10.23 — Open Air Culture
It is time to say goodbye to distinctions between indoors and outdoors. New lifestyle trends lean towards fluid environments without interruption between spaces in the home and the garden. The new living rooms move outdoors and find their ideal location in innovative outdoor structures offering a constant dialogue between architecture and nature.
The garden has a new face, transformed thanks to cutting-edge outdoor structures. Awnings and pergolas furnish open-air spaces in the home creating new meanings and uses. A true “second living room” is created, redefining the parameters of daily life and integrating outdoor living, which can be enjoyed throughout the year by taking advantage of any opening.
This goes way beyond the concept of a simple green area: the new trends bring gardens onto terraces and rooftops in towns and cities, as a natural extension of the home, to be used without a boundary between indoors and outdoors. These fluid environments rewrite lifestyle codes, such as those for living rooms, using high-tech design.
So what are the secrets to breathe new life into outdoor spaces in the home? We asked Cesare Marzocchi, CEO of Bologna-based landscape design studio Frassinago, who specialises in creating the environments of dreams, where sublime aesthetics and function achieve perfect harmony.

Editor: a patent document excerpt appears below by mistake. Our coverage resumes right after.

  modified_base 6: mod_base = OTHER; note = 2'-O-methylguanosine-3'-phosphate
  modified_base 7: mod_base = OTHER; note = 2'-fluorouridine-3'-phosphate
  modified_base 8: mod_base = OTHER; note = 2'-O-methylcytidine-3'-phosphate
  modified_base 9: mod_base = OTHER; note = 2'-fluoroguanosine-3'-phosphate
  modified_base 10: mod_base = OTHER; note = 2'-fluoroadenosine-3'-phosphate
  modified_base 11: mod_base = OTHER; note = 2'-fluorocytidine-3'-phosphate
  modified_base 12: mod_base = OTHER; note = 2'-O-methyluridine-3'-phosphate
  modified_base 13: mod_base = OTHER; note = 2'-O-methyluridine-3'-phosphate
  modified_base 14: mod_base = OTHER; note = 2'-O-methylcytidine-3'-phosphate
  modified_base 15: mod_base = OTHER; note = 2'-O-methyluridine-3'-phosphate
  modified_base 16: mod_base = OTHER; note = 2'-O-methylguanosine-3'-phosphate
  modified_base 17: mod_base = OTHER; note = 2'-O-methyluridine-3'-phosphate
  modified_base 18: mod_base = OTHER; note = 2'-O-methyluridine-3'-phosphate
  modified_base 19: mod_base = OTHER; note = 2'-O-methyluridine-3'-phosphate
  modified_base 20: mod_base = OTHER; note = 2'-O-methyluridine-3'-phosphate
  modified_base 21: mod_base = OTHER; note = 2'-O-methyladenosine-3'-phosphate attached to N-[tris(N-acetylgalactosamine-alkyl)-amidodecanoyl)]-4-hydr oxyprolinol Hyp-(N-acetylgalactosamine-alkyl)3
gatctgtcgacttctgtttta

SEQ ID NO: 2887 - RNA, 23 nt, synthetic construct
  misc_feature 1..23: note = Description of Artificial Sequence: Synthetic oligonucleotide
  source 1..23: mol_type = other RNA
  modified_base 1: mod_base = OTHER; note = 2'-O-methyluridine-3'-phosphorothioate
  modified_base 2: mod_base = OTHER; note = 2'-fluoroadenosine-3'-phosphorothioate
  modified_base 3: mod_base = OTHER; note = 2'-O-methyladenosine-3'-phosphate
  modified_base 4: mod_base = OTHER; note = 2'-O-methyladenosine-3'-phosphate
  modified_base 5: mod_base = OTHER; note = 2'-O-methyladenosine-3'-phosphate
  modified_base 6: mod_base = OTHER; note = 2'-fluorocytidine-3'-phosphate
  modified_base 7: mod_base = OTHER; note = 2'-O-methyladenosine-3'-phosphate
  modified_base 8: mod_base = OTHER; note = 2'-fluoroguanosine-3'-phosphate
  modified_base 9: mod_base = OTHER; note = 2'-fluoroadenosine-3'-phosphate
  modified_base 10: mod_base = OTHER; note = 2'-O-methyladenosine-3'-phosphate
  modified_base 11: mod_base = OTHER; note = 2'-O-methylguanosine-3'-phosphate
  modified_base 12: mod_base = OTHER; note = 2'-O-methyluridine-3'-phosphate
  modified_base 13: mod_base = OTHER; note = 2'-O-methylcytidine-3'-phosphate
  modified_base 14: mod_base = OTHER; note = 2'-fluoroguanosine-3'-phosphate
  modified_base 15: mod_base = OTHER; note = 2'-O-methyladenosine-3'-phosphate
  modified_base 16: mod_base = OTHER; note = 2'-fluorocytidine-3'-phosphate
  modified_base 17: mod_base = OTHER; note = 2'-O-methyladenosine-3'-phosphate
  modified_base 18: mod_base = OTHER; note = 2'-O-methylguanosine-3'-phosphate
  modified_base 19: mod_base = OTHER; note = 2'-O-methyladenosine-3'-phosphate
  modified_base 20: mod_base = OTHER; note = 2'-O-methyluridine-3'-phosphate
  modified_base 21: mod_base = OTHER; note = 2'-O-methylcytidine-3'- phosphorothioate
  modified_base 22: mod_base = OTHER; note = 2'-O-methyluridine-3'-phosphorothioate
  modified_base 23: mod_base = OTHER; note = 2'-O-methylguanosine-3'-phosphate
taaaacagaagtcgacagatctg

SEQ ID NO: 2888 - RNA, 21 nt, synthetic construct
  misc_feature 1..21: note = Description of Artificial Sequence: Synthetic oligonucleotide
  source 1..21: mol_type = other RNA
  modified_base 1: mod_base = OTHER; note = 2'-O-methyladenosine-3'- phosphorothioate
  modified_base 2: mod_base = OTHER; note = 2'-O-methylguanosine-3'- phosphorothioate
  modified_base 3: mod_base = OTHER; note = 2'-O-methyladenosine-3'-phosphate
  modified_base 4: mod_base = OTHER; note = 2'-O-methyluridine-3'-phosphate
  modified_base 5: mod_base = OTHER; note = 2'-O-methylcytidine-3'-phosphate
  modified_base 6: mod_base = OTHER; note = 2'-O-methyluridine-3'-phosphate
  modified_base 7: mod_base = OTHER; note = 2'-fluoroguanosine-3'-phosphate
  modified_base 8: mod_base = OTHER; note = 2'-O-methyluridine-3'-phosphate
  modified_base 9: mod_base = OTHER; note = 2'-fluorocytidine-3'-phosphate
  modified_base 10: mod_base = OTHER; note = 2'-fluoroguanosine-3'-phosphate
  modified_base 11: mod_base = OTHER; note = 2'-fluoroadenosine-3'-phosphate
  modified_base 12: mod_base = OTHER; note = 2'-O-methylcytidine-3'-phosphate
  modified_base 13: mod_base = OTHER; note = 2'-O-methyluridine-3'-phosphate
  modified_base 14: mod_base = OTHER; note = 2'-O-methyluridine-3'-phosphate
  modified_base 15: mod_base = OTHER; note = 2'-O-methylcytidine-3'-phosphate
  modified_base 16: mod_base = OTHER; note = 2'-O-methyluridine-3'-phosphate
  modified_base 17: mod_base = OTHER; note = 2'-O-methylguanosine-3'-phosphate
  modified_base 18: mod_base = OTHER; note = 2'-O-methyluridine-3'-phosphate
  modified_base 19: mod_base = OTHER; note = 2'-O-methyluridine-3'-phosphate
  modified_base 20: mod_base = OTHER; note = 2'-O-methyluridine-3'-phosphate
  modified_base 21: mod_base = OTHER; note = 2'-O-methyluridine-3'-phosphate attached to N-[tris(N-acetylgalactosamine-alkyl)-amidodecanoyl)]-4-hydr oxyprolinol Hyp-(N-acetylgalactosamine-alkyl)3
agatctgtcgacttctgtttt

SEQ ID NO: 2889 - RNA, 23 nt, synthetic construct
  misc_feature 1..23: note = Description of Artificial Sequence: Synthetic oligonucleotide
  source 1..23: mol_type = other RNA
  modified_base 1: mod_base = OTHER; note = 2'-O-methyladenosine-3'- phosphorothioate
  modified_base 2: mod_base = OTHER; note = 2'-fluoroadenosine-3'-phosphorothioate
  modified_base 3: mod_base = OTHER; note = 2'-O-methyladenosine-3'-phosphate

Outdoor living brings the need for shelter, taking the traditional concept of a garden pergola and updating it, transforming it into a space for shared experiences. This is ideal to extend the usability of the home and create a “middle” space that is sheltered and can be protected. These are functional environments designed to mitigate the changeable conditions in spring and autumn and therefore extend usage of the garden over a much longer period, making it far more suitable for modern uses of open-air spaces.
Today, the term “outdoor architecture” is certainly very fitting for the living platforms we are creating using the tools offered by Pratic. The bioclimatic pergola, for example, allows creation of an opening to the outdoors even when the building has no true external architectural connection, such as glazing or large openings in the building.
We work with natural materials, which we believe are best suited for these spaces. We feel that nature should remain a dominant feature in our outdoor architecture and we use many types of natural elements, connected both to internal and external positioning, and always with a clear focus on continuity. We like to add elements within closed spaces, transforming the space into a garden, inserting them directly into the ground rather than always using containers. This allows us to minimise perception of the boundary between the two areas, which can become completely permeable in the summer months, sheltered only when needed.